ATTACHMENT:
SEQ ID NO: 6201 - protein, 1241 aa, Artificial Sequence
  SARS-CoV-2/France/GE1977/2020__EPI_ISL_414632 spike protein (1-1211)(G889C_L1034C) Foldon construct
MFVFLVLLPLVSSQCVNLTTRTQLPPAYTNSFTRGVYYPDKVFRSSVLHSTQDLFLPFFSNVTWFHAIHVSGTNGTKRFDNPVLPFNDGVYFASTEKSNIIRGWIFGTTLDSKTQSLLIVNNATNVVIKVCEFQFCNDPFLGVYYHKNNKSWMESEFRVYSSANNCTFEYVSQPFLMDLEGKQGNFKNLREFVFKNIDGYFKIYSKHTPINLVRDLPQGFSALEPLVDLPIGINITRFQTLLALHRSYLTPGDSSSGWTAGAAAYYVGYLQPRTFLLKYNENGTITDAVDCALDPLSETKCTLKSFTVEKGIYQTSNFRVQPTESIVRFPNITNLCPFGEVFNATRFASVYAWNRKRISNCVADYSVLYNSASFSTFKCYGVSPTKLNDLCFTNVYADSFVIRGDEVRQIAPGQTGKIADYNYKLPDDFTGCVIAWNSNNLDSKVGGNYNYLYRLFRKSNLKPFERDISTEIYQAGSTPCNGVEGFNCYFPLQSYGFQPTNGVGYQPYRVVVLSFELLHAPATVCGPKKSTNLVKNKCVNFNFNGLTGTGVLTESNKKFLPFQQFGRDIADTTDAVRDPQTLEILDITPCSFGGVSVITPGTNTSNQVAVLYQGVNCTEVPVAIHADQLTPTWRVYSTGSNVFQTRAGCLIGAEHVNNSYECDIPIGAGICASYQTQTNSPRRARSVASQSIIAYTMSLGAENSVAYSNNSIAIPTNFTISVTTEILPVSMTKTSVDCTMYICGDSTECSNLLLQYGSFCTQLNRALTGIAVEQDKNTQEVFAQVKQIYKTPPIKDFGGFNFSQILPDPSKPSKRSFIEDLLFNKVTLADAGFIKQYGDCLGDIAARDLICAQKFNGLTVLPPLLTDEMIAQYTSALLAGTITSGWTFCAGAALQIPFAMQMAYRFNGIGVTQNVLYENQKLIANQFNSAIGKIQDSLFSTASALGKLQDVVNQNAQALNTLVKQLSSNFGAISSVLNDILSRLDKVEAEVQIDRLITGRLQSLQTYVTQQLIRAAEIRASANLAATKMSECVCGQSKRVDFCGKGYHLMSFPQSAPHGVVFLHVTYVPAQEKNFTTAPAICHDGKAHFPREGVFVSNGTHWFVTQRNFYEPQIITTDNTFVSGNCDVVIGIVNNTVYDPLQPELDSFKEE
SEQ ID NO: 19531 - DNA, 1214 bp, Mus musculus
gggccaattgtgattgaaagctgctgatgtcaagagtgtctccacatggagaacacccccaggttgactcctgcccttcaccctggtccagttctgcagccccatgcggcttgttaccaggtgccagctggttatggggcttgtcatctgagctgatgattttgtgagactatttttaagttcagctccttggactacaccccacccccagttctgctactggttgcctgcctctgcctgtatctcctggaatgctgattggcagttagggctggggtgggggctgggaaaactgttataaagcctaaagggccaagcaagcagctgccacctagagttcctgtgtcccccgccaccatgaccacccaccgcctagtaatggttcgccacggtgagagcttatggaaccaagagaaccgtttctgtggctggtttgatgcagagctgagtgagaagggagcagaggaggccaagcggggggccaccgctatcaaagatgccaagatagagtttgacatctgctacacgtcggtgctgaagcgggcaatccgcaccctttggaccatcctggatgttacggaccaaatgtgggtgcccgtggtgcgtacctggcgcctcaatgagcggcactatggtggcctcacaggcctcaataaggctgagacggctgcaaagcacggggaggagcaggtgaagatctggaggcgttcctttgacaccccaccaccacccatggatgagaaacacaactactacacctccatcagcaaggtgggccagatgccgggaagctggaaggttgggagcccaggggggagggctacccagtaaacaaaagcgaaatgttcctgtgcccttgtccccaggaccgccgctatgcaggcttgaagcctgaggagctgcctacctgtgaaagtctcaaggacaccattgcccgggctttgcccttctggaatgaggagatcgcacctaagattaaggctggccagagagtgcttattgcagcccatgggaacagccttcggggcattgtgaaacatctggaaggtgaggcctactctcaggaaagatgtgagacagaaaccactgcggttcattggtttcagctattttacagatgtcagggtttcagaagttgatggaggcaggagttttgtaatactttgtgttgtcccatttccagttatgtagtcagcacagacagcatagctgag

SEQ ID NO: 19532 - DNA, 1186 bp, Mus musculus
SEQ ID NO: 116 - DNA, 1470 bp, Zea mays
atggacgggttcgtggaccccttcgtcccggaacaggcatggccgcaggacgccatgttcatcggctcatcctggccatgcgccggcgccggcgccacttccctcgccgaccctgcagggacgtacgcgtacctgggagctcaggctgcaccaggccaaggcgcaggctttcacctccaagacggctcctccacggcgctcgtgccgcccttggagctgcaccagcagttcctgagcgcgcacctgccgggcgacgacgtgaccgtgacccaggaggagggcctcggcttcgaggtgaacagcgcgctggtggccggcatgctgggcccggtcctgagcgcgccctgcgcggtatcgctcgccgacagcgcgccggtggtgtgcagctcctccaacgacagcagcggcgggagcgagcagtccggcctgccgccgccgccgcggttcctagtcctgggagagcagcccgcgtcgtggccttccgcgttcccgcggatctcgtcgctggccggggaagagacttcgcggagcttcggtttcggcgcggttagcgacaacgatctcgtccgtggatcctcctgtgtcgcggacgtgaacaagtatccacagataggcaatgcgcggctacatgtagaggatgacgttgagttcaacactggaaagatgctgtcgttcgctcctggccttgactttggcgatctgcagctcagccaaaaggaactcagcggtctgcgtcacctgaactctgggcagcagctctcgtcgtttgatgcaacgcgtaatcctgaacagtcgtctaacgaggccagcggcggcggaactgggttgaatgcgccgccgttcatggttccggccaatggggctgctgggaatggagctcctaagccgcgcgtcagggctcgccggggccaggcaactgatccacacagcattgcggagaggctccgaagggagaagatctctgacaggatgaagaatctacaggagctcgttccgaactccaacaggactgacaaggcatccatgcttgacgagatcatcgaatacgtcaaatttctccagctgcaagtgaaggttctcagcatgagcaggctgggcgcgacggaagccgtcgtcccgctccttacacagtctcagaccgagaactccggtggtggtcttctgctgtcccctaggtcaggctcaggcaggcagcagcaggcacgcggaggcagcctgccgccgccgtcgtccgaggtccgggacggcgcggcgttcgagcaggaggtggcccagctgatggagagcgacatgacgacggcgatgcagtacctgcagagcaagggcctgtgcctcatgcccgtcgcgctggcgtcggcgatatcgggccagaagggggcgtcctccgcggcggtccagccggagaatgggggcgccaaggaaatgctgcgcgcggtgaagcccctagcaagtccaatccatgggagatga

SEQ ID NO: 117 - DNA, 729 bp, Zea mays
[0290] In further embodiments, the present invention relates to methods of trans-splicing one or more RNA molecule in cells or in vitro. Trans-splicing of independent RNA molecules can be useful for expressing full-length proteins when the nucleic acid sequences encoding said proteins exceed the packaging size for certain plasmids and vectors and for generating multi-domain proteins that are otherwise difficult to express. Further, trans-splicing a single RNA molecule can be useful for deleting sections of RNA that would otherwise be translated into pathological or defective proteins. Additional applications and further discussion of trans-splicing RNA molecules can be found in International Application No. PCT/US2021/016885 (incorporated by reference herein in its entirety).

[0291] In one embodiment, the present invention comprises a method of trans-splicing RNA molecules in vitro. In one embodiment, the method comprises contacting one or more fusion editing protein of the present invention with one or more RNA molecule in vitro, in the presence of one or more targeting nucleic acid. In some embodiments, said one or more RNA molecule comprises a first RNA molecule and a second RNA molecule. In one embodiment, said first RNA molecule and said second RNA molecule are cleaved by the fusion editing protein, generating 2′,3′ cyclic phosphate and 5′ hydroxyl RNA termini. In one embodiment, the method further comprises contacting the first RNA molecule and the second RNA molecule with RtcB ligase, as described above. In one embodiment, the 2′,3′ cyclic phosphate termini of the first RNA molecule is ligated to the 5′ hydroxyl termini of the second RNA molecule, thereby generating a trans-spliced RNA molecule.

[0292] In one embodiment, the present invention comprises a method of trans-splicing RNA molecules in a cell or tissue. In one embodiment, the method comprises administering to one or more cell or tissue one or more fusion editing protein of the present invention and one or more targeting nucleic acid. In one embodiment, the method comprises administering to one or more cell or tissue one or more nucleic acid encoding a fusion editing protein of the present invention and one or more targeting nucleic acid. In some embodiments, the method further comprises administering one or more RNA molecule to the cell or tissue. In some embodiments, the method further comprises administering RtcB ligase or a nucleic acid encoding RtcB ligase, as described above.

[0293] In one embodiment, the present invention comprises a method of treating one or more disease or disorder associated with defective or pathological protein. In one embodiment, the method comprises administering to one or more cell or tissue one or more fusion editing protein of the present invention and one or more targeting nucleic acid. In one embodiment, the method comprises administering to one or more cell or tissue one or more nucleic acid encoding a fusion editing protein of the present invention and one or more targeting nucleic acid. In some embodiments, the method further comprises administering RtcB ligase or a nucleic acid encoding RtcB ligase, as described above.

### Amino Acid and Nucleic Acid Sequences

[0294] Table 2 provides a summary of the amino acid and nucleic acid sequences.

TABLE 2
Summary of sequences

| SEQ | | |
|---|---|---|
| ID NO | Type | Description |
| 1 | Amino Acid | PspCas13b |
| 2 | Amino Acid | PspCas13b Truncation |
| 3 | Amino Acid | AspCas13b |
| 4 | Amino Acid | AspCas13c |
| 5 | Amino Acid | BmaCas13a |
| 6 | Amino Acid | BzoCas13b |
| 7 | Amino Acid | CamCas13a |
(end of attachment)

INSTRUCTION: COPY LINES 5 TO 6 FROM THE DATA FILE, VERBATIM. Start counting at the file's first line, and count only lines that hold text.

gggccaattgtgattgaaagctgctgatgtcaagagtgtctccacatggagaacacccccaggttgactcctgcccttcaccctggtccagttctgcagccccatgcggcttgttaccaggtgccagctggttatggggcttgtcatctgagctgatgattttgtgagactatttttaagttcagctccttggactacaccccacccccagttctgctactggttgcctgcctctgcctgtatctcctggaatgctgattggcagttagggctggggtgggggctgggaaaactgttataaagcctaaagggccaagcaagcagctgccacctagagttcctgtgtcccccgccaccatgaccacccaccgcctagtaatggttcgccacggtgagagcttatggaaccaagagaaccgtttctgtggctggtttgatgcagagctgagtgagaagggagcagaggaggccaagcggggggccaccgctatcaaagatgccaagatagagtttgacatctgctacacgtcggtgctgaagcgggcaatccgcaccctttggaccatcctggatgttacggaccaaatgtgggtgcccgtggtgcgtacctggcgcctcaatgagcggcactatggtggcctcacaggcctcaataaggctgagacggctgcaaagcacggggaggagcaggtgaagatctggaggcgttcctttgacaccccaccaccacccatggatgagaaacacaactactacacctccatcagcaaggtgggccagatgccgggaagctggaaggttgggagcccaggggggagggctacccagtaaacaaaagcgaaatgttcctgtgcccttgtccccaggaccgccgctatgcaggcttgaagcctgaggagctgcctacctgtgaaagtctcaaggacaccattgcccgggctttgcccttctggaatgaggagatcgcacctaagattaaggctggccagagagtgcttattgcagcccatgggaacagccttcggggcattgtgaaacatctggaaggtgaggcctactctcaggaaagatgtgagacagaaaccactgcggttcattggtttcagctattttacagatgtcagggtttcagaagttgatggaggcaggagttttgtaatactttgtgttgtcccatttccagttatgtagtcagcacagacagcatagctgag

SEQ ID NO: 19532 - DNA, 1186 bp, Mus musculus